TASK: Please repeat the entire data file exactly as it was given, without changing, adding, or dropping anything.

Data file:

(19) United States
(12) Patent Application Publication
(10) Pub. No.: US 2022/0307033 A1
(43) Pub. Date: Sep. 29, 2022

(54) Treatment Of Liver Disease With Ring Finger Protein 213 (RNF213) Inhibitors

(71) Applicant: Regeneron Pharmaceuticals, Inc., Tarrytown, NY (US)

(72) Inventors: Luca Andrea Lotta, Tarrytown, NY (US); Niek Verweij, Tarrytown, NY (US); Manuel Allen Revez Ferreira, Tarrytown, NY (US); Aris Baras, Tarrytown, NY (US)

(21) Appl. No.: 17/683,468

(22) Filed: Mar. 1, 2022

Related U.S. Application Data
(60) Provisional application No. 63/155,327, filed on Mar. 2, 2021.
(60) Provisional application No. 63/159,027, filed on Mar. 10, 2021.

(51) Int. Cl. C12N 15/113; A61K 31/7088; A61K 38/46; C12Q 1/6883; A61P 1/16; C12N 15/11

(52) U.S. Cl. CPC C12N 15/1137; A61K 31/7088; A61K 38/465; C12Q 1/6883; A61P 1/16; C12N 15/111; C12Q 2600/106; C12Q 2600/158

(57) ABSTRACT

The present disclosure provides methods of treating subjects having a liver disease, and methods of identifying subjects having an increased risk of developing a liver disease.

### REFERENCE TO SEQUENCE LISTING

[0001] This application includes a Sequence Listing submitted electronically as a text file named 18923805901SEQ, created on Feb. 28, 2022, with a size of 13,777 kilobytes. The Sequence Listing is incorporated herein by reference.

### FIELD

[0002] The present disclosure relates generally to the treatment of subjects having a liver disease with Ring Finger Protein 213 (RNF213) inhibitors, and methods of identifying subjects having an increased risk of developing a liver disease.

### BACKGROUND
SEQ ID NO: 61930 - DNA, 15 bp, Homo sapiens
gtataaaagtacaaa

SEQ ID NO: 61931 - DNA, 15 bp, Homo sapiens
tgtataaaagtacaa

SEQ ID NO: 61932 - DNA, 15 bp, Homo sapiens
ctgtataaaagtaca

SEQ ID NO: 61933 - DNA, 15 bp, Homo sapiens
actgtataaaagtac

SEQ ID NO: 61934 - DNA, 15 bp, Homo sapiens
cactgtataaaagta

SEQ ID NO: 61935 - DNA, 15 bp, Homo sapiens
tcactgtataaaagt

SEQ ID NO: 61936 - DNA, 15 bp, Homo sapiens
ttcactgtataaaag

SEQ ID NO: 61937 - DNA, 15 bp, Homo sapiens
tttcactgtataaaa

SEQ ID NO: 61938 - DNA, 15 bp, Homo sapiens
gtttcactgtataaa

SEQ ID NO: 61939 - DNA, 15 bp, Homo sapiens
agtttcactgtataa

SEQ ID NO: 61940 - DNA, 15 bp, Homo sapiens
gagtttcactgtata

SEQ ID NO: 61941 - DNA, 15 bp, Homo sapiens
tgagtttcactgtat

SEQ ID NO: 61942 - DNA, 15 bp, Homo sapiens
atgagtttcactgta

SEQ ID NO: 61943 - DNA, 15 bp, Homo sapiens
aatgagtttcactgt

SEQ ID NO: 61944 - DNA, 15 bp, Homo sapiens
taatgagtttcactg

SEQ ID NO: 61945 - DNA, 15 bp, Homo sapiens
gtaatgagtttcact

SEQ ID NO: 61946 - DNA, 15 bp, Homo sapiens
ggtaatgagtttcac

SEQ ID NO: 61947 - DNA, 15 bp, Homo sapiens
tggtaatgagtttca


(19) United States
(12) Patent Application Publication
(10) Pub. No.: US 2022/0307033 A1
(43) Pub. Date: Sep. 29, 2022

(54) Treatment Of Liver Disease With Ring Finger Protein 213 (RNF213) Inhibitors

(71) Applicant: Regeneron Pharmaceuticals, Inc., Tarrytown, NY (US)

(72) Inventors: Luca Andrea Lotta, Tarrytown, NY (US); Niek Verweij, Tarrytown, NY (US); Manuel Allen Revez Ferreira, Tarrytown, NY (US); Aris Baras, Tarrytown, NY (US)

(21) Appl. No.: 17/683,468

(22) Filed: Mar. 1, 2022

Related U.S. Application Data
(60) Provisional application No. 63/155,327, filed on Mar. 2, 2021.
(60) Provisional application No. 63/159,027, filed on Mar. 10, 2021.

(51) Int. Cl. C12N 15/113; A61K 31/7088; A61K 38/46; C12Q 1/6883; A61P 1/16; C12N 15/11

(52) U.S. Cl. CPC C12N 15/1137; A61K 31/7088; A61K 38/465; C12Q 1/6883; A61P 1/16; C12N 15/111; C12Q 2600/106; C12Q 2600/158

(57) ABSTRACT

The present disclosure provides methods of treating subjects having a liver disease, and methods of identifying subjects having an increased risk of developing a liver disease.

### REFERENCE TO SEQUENCE LISTING

[0001] This application includes a Sequence Listing submitted electronically as a text file named 18923805901SEQ, created on Feb. 28, 2022, with a size of 13,777 kilobytes. The Sequence Listing is incorporated herein by reference.

### FIELD

[0002] The present disclosure relates generally to the treatment of subjects having a liver disease with Ring Finger Protein 213 (RNF213) inhibitors, and methods of identifying subjects having an increased risk of developing a liver disease.

### BACKGROUND
SEQ ID NO: 61930 - DNA, 15 bp, Homo sapiens
gtataaaagtacaaa

SEQ ID NO: 61931 - DNA, 15 bp, Homo sapiens
tgtataaaagtacaa

SEQ ID NO: 61932 - DNA, 15 bp, Homo sapiens
ctgtataaaagtaca

SEQ ID NO: 61933 - DNA, 15 bp, Homo sapiens
actgtataaaagtac

SEQ ID NO: 61934 - DNA, 15 bp, Homo sapiens
cactgtataaaagta

SEQ ID NO: 61935 - DNA, 15 bp, Homo sapiens
tcactgtataaaagt

SEQ ID NO: 61936 - DNA, 15 bp, Homo sapiens
ttcactgtataaaag

SEQ ID NO: 61937 - DNA, 15 bp, Homo sapiens
tttcactgtataaaa

SEQ ID NO: 61938 - DNA, 15 bp, Homo sapiens
gtttcactgtataaa

SEQ ID NO: 61939 - DNA, 15 bp, Homo sapiens
agtttcactgtataa

SEQ ID NO: 61940 - DNA, 15 bp, Homo sapiens
gagtttcactgtata

SEQ ID NO: 61941 - DNA, 15 bp, Homo sapiens
tgagtttcactgtat

SEQ ID NO: 61942 - DNA, 15 bp, Homo sapiens
atgagtttcactgta

SEQ ID NO: 61943 - DNA, 15 bp, Homo sapiens
aatgagtttcactgt

SEQ ID NO: 61944 - DNA, 15 bp, Homo sapiens
taatgagtttcactg

SEQ ID NO: 61945 - DNA, 15 bp, Homo sapiens
gtaatgagtttcact

SEQ ID NO: 61946 - DNA, 15 bp, Homo sapiens
ggtaatgagtttcac

SEQ ID NO: 61947 - DNA, 15 bp, Homo sapiens
tggtaatgagtttca